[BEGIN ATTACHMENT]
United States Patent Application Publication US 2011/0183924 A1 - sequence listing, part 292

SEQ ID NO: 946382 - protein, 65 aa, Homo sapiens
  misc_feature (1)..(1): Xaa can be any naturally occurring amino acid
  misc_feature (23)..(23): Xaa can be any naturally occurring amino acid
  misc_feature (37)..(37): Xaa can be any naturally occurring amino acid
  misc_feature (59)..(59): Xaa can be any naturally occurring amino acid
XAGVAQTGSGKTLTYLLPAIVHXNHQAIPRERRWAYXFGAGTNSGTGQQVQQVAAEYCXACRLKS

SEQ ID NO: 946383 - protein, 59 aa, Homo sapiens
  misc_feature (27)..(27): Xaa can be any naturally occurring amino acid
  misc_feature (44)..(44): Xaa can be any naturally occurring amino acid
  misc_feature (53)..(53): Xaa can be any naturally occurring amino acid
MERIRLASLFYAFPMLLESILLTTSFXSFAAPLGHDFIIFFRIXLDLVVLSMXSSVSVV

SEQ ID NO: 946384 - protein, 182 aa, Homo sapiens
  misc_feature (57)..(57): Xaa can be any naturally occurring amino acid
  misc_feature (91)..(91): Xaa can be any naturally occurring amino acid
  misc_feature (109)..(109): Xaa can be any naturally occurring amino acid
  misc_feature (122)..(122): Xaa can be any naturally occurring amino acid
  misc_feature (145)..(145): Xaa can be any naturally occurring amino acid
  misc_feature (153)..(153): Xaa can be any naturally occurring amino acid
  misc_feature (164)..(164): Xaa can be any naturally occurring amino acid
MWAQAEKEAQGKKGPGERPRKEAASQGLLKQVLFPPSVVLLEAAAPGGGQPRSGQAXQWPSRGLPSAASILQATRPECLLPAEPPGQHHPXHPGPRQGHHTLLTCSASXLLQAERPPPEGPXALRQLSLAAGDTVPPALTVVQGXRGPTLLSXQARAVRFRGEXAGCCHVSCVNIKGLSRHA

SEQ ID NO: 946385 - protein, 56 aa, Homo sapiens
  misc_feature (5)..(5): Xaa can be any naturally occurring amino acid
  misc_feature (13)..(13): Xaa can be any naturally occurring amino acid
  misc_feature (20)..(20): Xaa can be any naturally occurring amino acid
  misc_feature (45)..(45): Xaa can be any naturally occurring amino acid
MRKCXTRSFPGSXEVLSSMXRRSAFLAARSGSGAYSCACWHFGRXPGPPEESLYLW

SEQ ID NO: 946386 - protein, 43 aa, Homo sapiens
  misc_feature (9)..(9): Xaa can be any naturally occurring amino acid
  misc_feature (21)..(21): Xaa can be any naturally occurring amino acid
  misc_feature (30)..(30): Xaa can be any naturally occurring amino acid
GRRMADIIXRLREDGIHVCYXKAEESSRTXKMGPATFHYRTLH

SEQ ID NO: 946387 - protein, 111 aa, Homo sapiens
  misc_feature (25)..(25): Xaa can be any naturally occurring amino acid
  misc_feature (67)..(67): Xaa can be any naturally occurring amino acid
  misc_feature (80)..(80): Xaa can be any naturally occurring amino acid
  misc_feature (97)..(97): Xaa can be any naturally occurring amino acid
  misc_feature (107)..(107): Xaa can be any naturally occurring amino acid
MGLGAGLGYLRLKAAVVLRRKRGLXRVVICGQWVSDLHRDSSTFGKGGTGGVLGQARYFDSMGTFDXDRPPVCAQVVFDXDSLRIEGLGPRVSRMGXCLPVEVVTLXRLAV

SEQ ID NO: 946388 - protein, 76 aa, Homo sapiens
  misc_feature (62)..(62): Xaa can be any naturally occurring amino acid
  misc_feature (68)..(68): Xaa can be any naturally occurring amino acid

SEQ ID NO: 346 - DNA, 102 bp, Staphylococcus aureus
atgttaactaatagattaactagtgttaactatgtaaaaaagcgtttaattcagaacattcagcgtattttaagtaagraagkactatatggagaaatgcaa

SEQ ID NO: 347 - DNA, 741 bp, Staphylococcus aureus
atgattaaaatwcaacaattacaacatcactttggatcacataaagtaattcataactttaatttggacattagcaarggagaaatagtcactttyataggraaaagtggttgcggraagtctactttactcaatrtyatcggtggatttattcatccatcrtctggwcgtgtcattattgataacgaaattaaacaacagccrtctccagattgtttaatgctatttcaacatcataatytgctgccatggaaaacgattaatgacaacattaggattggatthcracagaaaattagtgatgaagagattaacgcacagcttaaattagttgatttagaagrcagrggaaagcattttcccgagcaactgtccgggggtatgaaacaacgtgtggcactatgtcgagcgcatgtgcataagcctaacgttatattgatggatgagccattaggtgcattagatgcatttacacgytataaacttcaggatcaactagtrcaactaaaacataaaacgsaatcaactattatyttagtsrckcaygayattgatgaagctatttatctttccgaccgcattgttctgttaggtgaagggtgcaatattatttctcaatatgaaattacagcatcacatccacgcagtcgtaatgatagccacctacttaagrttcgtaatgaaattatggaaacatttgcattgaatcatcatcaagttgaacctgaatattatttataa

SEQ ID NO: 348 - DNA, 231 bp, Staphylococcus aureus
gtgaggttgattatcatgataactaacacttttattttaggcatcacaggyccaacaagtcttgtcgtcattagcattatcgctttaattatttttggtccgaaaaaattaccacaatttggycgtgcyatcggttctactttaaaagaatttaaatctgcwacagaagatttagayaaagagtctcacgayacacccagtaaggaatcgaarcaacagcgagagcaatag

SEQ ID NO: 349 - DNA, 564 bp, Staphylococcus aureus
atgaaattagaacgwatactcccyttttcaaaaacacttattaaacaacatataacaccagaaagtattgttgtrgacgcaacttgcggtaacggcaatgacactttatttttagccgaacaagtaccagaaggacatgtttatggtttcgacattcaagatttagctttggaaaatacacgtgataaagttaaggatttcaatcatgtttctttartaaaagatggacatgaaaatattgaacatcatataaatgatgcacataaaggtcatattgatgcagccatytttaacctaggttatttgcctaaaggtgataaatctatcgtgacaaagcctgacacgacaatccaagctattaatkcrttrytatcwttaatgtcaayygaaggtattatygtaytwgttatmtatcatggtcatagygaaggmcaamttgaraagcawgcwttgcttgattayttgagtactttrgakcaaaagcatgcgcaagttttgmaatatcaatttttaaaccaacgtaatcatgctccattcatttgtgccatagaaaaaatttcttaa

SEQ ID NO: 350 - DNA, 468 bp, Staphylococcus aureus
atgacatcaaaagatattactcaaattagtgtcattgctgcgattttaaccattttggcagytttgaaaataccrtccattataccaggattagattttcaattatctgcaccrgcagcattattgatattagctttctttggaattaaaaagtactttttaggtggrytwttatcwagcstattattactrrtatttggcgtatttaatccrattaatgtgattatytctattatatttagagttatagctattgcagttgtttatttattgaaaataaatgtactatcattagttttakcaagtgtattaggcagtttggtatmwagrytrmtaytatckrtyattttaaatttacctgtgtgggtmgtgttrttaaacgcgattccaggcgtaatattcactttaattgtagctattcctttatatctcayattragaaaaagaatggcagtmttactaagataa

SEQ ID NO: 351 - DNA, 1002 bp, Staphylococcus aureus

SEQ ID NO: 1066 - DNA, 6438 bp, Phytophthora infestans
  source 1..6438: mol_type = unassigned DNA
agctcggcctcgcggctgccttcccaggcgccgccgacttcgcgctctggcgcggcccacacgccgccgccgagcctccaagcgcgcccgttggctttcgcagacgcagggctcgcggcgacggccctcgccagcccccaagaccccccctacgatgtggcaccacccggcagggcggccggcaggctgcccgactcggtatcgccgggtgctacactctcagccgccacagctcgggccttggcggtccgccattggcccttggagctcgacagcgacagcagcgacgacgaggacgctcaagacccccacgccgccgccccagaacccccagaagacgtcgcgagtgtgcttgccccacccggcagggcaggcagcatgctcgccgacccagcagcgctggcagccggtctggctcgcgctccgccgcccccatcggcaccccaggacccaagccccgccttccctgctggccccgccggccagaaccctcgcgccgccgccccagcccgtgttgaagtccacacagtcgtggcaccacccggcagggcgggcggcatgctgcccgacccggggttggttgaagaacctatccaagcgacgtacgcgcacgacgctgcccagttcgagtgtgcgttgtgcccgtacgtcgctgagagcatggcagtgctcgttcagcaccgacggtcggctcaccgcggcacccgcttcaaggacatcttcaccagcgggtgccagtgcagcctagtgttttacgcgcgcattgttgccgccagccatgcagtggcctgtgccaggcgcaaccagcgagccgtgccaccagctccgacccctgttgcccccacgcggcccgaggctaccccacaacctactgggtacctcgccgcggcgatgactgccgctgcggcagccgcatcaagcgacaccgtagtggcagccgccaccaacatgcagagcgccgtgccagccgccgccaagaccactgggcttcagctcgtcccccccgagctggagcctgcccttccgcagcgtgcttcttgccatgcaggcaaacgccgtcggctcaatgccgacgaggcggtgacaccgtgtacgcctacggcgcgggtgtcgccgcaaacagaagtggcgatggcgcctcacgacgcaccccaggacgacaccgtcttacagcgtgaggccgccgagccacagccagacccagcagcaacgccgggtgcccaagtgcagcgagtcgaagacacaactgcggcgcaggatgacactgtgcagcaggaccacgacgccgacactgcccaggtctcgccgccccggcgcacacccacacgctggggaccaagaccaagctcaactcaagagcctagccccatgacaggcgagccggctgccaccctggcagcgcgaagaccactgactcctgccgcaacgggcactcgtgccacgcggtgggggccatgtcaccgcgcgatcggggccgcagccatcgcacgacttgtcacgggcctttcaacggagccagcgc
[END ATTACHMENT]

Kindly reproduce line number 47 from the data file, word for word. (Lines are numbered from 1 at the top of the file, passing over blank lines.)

SEQ ID NO: 348 - DNA, 231 bp, Staphylococcus aureus